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Italy stops using AstraZeneca vaccine for people under 60 years of age

Italy stops administering AstraZeneca’s Covid vaccine to people under 60, the Italian government announced on Friday in the midst of a drop in the country’s infection level, which meant the risk of distributing the vaccine to younger people was judged to outweigh the benefits.

The AstraZeneca vaccine has been under control following reports of rare and severe blood clots in those who received the vaccine in Europe.

Younger Italians who have already received a dose of the AstraZeneca vaccine will get another shot at their booster dose, Francesco Paolo Figliuolo, an army general responsible for Italy̵

7;s vaccination efforts, said during a news conference. He added that the change would have minimal impact on the country’s vaccination rollout.

The announcement was the latest in a series of reverse decisions on the use of the AstraZeneca vaccine, which was developed by Oxford University. Some doctors fear that back and forth could further undermine confidence in the vaccine and hamper Italy’s vaccination campaign.

Government officials and AstraZeneca “communicated very very poorly,” Roberto Burioni, one of Italy’s leading virologists, said in an interview. “We are losing confidence in even the most enthusiastic people.”

In Italy, as in other European countries, the roll-out of AstraZeneca’s vaccine has been stoned. After the European Union approved the use in January, Italy recommended using it only for people under 55 years of age.

The country then raised the threshold to 65 on 22 February and then dropped the age limit on 8 March. One week later, Italy became one of a number of European countries that completely suspended the use of the vaccine due to concerns over reports of rare, severe blood clots affecting a small number of recipients.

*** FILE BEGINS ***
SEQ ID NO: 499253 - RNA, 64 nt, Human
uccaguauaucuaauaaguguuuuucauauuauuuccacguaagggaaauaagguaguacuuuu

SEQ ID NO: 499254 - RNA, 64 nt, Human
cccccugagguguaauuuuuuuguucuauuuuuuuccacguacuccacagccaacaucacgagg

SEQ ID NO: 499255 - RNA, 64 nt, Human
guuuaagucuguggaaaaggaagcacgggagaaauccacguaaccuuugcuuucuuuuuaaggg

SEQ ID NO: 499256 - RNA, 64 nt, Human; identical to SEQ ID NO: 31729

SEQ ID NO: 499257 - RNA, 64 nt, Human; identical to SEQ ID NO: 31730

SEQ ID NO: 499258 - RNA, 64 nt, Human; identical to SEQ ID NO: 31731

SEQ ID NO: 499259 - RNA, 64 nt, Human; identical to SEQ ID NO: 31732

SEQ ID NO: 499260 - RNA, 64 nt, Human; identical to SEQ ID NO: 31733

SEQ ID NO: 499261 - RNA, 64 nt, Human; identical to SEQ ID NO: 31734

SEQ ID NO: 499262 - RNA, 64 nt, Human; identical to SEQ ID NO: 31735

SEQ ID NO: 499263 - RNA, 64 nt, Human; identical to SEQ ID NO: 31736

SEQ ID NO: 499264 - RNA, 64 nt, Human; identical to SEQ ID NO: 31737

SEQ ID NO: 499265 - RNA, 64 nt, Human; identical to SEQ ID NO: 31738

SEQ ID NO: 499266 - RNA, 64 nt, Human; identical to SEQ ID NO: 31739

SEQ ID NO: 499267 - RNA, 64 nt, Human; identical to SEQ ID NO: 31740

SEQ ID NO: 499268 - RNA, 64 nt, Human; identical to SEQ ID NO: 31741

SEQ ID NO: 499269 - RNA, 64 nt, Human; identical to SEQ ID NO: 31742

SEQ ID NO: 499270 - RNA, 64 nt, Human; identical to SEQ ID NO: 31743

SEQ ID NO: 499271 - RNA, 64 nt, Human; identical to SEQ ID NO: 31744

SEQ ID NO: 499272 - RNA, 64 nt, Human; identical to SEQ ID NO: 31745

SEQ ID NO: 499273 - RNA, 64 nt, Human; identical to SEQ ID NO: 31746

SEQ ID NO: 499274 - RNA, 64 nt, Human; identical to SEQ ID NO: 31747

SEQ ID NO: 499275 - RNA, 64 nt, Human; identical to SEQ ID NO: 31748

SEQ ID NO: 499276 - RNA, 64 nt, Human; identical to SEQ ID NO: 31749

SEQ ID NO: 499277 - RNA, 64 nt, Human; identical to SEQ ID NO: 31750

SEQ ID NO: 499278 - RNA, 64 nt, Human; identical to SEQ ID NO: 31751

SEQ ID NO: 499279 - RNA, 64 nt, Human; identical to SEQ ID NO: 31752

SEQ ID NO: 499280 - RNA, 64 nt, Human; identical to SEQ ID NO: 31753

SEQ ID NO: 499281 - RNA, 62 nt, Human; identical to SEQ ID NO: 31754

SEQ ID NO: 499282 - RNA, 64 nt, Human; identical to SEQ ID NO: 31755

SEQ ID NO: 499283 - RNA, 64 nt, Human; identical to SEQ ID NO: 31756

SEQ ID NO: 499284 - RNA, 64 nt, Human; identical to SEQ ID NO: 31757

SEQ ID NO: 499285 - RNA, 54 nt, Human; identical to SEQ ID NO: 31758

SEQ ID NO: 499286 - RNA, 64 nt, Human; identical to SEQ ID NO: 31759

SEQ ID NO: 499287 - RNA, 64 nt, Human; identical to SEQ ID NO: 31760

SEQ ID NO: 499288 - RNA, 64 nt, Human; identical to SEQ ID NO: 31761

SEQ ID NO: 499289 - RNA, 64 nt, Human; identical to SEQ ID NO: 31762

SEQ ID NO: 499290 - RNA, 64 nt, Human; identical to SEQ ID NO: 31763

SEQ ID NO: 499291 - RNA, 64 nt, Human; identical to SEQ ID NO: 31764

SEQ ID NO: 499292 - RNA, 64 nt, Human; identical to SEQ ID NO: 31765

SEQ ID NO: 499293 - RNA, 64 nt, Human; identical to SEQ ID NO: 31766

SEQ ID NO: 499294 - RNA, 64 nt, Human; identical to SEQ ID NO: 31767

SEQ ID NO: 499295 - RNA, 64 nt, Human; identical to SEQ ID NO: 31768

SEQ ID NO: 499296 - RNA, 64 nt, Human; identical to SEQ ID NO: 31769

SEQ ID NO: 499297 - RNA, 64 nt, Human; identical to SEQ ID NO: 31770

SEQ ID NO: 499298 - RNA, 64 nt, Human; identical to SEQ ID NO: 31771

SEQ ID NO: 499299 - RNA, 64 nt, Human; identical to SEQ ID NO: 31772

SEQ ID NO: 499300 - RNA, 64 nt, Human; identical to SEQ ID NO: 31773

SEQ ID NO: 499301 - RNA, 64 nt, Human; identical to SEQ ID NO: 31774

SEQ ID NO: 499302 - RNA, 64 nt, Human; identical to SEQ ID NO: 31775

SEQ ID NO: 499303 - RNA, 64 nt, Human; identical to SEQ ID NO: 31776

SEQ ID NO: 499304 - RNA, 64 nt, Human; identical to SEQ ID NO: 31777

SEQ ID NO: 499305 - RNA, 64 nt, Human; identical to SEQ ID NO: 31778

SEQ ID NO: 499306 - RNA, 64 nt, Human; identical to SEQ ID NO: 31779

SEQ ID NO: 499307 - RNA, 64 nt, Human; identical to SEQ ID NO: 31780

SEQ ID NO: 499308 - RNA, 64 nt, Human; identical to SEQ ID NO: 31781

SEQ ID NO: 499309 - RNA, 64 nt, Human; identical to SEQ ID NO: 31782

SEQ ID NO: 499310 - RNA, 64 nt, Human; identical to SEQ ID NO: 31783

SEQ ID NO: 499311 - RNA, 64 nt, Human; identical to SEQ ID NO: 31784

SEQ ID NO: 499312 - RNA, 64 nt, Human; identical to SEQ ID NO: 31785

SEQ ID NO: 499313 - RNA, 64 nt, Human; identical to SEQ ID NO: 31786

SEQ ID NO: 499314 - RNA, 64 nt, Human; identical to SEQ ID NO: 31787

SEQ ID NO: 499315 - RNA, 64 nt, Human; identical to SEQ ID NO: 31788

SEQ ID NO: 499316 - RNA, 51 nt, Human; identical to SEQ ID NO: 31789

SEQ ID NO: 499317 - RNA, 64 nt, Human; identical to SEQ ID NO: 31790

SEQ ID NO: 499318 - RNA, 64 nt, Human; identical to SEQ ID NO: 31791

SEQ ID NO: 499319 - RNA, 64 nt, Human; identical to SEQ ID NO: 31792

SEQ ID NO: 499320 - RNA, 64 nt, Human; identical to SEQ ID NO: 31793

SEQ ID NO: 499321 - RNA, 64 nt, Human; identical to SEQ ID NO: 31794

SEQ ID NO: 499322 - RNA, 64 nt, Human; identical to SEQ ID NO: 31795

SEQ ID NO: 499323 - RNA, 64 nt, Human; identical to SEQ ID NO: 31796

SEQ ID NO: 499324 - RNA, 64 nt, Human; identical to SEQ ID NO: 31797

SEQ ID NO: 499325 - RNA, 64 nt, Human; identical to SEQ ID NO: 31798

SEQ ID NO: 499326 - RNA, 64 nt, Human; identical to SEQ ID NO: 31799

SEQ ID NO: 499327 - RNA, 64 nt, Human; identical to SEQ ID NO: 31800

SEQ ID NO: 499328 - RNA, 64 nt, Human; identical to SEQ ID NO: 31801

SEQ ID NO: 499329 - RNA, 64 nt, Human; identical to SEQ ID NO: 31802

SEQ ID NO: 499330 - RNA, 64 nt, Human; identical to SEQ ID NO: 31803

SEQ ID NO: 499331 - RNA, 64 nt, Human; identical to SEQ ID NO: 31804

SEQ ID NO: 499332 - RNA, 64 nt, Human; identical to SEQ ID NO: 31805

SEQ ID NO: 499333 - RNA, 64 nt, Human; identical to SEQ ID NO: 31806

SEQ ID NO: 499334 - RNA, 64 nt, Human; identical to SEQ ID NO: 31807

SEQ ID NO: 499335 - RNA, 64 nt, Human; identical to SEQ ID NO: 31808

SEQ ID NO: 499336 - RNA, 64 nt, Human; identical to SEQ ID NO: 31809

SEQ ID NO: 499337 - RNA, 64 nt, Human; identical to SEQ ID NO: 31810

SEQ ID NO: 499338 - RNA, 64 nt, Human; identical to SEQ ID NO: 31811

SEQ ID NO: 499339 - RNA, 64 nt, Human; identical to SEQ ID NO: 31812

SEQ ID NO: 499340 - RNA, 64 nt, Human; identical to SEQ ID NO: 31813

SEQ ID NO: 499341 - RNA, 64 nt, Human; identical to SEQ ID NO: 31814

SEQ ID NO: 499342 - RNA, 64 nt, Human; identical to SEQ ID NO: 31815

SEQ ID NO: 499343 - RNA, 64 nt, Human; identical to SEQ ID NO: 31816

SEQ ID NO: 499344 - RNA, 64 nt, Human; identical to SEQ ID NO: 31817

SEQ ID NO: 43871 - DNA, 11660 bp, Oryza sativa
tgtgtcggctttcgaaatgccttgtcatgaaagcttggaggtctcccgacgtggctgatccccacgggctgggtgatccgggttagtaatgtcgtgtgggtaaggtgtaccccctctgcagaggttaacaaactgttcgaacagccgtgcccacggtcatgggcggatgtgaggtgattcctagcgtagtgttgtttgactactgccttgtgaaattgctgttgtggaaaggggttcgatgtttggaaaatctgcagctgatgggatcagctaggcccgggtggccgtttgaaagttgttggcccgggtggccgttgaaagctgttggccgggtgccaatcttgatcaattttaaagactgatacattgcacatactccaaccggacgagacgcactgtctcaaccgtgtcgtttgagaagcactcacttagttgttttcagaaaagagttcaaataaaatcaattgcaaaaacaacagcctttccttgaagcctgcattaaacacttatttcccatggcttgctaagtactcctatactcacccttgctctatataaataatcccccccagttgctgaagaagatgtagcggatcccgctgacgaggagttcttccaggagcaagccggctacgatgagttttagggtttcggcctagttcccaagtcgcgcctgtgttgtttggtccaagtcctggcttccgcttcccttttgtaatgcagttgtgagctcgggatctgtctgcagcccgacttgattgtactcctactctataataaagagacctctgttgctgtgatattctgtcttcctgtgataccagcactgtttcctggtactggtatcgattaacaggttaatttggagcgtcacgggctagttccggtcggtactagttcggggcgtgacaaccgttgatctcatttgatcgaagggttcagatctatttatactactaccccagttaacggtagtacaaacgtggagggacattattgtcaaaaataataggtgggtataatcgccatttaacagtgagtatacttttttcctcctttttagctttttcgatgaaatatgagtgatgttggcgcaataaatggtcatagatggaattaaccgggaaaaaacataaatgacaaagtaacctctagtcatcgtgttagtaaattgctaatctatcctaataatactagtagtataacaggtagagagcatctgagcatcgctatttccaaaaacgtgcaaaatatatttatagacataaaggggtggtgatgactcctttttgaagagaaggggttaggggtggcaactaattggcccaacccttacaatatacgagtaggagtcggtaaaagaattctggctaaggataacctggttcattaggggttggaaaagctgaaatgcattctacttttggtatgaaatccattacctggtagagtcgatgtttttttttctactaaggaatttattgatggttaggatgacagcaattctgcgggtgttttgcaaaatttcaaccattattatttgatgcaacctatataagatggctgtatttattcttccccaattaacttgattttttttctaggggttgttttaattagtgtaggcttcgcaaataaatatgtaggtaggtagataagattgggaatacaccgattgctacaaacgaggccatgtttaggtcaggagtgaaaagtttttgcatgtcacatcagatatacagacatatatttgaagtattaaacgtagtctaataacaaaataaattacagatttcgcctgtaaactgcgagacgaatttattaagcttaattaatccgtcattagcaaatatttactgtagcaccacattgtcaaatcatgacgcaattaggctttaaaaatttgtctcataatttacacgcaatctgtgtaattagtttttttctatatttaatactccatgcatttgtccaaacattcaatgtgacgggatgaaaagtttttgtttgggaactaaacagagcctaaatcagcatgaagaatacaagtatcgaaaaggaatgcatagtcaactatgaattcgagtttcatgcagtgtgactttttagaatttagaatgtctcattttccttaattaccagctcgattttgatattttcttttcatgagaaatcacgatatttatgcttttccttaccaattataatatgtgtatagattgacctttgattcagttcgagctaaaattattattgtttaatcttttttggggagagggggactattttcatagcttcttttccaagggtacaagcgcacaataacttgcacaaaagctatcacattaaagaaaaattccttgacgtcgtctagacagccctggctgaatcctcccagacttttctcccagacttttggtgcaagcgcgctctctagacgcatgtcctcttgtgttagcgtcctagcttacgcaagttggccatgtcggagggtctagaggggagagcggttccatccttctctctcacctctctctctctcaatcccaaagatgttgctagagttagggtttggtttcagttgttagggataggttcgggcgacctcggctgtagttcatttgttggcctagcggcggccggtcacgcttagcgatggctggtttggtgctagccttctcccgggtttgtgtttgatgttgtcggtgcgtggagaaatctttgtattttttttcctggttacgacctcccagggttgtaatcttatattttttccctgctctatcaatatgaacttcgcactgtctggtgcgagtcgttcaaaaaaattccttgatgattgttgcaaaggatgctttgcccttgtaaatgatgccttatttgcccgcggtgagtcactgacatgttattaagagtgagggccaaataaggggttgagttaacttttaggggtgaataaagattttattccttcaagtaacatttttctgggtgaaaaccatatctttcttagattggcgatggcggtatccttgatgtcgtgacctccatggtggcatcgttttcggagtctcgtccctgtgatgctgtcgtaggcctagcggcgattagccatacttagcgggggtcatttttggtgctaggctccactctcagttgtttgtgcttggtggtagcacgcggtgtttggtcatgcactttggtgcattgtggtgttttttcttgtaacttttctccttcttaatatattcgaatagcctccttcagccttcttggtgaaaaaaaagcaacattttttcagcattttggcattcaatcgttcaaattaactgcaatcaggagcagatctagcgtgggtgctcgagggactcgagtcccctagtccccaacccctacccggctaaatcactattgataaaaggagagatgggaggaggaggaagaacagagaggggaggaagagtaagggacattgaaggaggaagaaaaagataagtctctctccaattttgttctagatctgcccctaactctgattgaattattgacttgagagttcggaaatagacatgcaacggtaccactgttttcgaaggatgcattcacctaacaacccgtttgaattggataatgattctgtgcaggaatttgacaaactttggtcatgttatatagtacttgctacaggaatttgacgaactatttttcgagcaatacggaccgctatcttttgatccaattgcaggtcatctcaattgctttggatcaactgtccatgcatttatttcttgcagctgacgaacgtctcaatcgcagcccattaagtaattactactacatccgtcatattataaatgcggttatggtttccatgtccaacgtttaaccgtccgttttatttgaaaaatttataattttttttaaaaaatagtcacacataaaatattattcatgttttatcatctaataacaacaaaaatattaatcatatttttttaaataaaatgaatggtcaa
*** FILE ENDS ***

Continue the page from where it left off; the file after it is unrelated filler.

Italy resumed use of the vaccine on March 19, but about two weeks later, after the European drug regulator reported a possible link to the rare blood clots, the government recommended reserving the vaccine for those over 60 years of age.

However, some Italian regions, in a hurry to vaccinate as many people as possible, began offering AstraZeneca vaccines to younger people during the “open day” and “open night” events that skipped the government’s priority schedule. Tens of thousands of young Italians signed up. In May, the board of scientific advisers gave the government new light for the “open” initiatives.

But some doctors raised objections, and the news spread about an 18-year-old girl who had been given a dose in northern Liguria was hospitalized with thrombosis and then died. On Friday, the government said the recommendation to give the AstraZeneca vaccine only to people over 60 had now become “mandatory”.

Franco Locatelli, president of Italy’s Superior Health Council, said the changes to the guidelines had always been dependent on the development of the available scientific evidence, but also linked to the level of viral circulation.

Dr. Locatelli maintained that “vaccines saved many lives” and that AstraZeneca’s shots, widely used in the UK, gave results “which we were jealous of.”

Mr. Burioni, the virologist, said he was touched by the enthusiasm of the young people who hurried to be vaccinated in the open days to protect older Italians. “But now many of these young people and many of their parents are very worried,” he noted.

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